By stimulating demand for biofuel, production increases and prices fall. In that way, we can have fossil-free domestic air transport in Sweden as early as 2030. The cost of biofuel must be reduced in order to make it economically sustainable for airlines to choose this climate-smart alternative – an alternative made, for instance, from forest waste, algae or food scraps. With ample access to forests and bodies of fresh and salt water, Sweden could also be a significant producer of this aviation fuel. That kind of development would be environmental-friendly, create important jobs and bolster the Swedish economy. Biofuel can be used in today’s aircraft engines and in existing infrastructure – so no expensive, complicated changeover in technology or infrastructure is needed.
Green flights for official business
Swedavia is the first company in the world to buy biofuel equivalent to the amount consumed in all of its air travel for official business. By leading the way and buying green flights for official business, we want to show decision-makers, companies and producers that there is a demand for biofuel in air transport and thereby contribute to large-scale production. This is an important step towards fossil-free domestic air transport in Sweden. But more players need to follow our lead.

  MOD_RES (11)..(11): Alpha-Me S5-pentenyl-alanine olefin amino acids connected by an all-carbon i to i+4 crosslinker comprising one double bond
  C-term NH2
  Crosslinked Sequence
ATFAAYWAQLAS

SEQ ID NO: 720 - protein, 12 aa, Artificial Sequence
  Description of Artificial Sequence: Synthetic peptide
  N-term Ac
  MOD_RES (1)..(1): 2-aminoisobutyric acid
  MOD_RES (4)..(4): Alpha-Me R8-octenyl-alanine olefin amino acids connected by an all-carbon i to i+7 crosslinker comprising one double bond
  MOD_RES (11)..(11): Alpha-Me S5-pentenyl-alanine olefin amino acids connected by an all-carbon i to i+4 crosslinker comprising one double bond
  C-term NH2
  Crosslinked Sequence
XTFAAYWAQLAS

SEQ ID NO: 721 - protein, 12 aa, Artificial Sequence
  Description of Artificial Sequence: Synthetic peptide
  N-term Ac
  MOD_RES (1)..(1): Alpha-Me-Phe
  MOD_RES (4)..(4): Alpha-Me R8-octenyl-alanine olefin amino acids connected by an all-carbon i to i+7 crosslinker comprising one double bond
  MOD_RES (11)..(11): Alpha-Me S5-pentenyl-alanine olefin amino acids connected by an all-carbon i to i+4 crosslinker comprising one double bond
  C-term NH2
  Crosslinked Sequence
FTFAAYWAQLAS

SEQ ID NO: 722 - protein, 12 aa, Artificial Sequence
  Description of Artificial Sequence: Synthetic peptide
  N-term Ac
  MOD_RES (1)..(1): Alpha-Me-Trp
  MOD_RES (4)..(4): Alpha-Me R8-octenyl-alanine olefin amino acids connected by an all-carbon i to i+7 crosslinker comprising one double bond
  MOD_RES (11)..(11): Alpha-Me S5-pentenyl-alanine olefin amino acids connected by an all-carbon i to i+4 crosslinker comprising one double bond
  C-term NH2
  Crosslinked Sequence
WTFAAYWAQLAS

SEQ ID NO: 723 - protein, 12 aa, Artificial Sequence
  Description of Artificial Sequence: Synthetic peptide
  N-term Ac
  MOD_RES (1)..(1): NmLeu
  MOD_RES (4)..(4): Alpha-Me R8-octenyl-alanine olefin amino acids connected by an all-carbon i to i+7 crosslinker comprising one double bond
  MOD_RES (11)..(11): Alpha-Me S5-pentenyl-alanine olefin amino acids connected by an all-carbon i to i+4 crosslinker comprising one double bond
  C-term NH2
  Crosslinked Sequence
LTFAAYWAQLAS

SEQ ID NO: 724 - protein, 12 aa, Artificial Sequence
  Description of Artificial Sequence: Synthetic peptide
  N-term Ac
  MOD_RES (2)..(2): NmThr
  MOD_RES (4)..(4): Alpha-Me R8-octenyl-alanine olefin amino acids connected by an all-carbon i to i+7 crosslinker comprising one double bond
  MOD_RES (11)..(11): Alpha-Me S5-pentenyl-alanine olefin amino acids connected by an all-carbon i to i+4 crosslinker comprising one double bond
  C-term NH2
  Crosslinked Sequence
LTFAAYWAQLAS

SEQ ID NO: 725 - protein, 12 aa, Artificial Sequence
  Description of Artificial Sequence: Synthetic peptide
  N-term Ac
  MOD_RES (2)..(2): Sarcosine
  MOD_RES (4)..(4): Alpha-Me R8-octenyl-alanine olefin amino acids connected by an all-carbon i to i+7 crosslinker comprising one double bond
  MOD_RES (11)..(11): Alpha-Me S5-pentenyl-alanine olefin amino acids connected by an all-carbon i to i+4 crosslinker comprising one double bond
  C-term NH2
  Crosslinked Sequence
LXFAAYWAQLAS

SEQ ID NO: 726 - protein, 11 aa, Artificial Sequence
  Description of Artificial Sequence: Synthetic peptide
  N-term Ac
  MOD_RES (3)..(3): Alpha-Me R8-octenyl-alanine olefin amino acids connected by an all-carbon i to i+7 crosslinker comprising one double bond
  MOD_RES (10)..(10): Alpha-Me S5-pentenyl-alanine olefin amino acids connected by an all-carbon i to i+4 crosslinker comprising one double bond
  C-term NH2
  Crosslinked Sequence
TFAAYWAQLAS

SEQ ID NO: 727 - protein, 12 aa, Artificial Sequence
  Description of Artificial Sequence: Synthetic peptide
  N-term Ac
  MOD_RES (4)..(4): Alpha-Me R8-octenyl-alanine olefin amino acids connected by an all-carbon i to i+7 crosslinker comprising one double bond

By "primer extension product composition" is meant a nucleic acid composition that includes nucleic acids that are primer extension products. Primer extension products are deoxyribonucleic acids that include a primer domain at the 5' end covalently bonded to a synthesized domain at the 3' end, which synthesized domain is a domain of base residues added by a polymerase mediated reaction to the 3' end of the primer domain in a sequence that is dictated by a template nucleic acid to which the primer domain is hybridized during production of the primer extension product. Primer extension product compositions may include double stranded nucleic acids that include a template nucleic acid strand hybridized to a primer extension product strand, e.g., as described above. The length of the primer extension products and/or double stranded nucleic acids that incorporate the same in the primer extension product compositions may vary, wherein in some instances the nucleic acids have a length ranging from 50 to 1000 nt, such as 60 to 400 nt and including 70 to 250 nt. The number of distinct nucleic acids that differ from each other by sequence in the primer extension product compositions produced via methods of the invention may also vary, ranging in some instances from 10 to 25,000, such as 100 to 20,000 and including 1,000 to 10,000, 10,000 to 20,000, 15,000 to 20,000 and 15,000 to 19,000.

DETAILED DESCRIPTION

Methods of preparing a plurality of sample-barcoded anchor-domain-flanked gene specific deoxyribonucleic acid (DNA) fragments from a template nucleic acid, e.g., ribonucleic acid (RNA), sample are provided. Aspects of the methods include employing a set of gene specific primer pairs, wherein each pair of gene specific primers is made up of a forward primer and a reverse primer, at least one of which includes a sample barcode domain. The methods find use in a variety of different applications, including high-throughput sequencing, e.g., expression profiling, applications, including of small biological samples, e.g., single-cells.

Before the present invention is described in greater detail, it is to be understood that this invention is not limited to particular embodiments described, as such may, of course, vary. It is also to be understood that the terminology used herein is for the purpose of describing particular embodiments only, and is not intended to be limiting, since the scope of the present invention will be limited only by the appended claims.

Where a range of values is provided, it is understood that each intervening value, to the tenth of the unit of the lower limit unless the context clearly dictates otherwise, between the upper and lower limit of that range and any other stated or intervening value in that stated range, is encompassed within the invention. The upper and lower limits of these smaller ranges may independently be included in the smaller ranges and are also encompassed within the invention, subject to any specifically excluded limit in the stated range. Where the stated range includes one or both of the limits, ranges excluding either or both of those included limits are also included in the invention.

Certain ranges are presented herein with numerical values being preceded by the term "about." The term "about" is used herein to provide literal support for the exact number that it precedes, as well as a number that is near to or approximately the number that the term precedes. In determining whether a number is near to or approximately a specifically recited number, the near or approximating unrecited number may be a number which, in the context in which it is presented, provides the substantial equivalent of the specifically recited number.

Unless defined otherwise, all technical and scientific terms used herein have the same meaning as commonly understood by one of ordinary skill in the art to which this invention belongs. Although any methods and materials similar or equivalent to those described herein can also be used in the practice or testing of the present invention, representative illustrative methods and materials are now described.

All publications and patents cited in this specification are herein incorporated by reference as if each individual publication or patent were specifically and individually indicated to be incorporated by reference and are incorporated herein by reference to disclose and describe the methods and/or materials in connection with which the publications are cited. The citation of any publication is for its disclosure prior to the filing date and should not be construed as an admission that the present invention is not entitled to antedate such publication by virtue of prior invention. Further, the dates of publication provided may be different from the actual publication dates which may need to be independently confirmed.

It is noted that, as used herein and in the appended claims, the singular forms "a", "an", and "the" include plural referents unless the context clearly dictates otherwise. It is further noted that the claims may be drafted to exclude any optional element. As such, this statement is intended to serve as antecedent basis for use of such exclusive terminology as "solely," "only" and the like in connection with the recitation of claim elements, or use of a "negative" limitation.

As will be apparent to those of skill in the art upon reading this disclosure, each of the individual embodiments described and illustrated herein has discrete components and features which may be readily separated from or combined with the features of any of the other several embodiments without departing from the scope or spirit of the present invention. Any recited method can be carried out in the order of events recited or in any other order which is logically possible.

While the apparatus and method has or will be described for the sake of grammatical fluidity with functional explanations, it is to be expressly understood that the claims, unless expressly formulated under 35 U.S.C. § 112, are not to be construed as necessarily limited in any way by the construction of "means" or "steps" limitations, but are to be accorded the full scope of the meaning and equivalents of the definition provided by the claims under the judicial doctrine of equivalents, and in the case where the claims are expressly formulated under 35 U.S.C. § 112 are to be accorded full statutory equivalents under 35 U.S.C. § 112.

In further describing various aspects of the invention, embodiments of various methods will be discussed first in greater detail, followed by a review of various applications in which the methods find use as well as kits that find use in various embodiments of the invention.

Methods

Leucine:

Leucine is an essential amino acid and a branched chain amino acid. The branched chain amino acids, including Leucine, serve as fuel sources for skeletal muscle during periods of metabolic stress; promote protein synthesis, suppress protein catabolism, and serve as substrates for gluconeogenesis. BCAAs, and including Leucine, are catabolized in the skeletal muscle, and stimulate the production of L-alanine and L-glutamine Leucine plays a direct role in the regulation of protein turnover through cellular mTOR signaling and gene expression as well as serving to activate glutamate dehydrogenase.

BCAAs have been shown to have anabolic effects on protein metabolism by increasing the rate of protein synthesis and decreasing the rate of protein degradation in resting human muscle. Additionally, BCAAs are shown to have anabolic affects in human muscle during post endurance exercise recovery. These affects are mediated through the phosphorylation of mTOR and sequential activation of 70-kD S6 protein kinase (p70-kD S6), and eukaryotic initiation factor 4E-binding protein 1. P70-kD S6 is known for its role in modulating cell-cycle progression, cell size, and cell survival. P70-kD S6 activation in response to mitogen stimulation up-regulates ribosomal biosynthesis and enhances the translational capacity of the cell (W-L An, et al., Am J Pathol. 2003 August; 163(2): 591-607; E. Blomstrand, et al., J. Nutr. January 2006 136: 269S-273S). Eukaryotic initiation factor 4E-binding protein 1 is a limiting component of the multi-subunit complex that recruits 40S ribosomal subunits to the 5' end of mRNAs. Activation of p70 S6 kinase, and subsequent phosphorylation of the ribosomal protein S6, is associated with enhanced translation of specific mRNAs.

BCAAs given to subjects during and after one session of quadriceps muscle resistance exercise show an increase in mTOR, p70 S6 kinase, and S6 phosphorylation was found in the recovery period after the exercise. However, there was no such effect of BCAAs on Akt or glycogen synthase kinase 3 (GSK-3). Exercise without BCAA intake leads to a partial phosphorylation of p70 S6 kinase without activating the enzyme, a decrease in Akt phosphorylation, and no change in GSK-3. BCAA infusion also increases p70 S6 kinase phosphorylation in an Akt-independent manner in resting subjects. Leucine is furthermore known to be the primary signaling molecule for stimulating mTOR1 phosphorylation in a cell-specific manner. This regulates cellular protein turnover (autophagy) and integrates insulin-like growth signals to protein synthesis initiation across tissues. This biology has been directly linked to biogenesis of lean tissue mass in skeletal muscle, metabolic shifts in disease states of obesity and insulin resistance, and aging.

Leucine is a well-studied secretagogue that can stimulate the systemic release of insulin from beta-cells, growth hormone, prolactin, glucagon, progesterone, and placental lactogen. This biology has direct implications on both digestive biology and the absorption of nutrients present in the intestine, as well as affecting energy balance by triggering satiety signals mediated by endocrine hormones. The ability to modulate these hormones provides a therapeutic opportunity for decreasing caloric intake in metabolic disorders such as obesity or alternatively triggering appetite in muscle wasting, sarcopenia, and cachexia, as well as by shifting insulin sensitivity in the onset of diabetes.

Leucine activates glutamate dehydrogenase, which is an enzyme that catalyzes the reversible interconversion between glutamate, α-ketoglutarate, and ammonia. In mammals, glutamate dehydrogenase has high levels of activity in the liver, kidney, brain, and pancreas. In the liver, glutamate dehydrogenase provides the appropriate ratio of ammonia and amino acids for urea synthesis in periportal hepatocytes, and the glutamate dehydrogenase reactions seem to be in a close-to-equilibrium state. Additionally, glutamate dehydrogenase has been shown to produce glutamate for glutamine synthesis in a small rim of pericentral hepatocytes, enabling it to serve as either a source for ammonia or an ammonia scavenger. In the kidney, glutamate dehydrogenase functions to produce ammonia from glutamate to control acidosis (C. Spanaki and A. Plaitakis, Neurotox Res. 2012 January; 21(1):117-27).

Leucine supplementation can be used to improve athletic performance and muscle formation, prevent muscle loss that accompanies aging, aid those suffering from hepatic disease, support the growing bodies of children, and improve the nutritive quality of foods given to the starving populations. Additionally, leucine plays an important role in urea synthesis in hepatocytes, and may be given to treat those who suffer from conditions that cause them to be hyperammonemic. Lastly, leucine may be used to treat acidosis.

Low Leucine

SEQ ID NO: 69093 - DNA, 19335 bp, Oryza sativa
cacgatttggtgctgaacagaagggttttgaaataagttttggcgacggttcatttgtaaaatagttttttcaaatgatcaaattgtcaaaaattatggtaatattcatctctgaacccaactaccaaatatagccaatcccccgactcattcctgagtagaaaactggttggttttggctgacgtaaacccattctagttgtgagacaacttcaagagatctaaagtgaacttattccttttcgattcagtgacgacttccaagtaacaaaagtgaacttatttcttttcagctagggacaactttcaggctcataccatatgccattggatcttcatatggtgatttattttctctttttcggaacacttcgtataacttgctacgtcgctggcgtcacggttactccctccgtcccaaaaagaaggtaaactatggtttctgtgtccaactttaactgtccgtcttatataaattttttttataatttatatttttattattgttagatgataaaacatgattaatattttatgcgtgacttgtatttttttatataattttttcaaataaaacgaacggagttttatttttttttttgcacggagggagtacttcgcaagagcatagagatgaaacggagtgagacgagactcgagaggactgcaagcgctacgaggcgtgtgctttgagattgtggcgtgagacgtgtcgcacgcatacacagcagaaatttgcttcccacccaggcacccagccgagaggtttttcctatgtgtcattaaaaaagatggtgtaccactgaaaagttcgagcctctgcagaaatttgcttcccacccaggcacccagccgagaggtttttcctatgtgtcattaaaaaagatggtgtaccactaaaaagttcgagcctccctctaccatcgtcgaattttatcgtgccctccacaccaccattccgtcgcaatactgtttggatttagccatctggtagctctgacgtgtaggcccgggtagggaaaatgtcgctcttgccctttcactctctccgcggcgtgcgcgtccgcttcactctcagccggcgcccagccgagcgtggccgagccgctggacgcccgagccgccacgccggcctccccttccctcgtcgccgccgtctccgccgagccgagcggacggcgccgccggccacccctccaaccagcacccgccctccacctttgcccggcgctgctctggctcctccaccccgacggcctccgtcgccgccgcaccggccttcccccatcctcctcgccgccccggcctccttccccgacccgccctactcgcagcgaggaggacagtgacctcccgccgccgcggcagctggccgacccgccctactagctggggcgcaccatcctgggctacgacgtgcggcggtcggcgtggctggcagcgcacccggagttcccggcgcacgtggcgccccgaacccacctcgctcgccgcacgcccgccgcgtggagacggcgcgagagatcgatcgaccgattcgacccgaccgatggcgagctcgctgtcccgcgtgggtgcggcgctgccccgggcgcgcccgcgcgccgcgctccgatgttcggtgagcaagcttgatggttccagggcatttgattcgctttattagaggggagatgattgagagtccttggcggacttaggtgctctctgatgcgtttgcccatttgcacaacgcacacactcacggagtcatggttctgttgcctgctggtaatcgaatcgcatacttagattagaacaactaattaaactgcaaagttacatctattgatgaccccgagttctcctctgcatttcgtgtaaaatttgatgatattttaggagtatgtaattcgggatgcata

How you can contribute
Swedavia is a partner in the Fly Green Fund, which works for a rapid increase in the demand for biofuel in Sweden. The aim is to increase the volume produced and thus bring down costs. This is to be carried out by co-funding the additional cost that biofuel entails compared to fossil fuel. The fund’s vision is for organisations and individuals to have the possibility to fly more sustainably, at a reasonable cost.
The Fly Green Fund’s customers – both companies and individual travellers – can choose how much they would like to contribute. Of the money contributed, 75 percent is used for biofuel. The remaining 25 percent is used to support development projects to start large-scale biofuel production in the Nordic countries.
As an individual traveller, you can, for instance, pay using the Swish app on your mobile phone. Companies or government agencies can sign longer-term agreements. Send a contribution for the amount you choose by Swish to: 123 131 4137
To achieve climate neutrality, Swedavia buys certificates from climate projects in developing countries. These projects, called clean development mechanism or CDM projects, have been approved by the UN and are also certified under the green movement's Gold Standard for the Global Goals. The projects are aimed at reducing emissions in developing countries. As a result, Swedavia offsets the emissions that still have not been reduced through its own measures.
You can offset the carbon emissions from your flight here. (In Swedish only)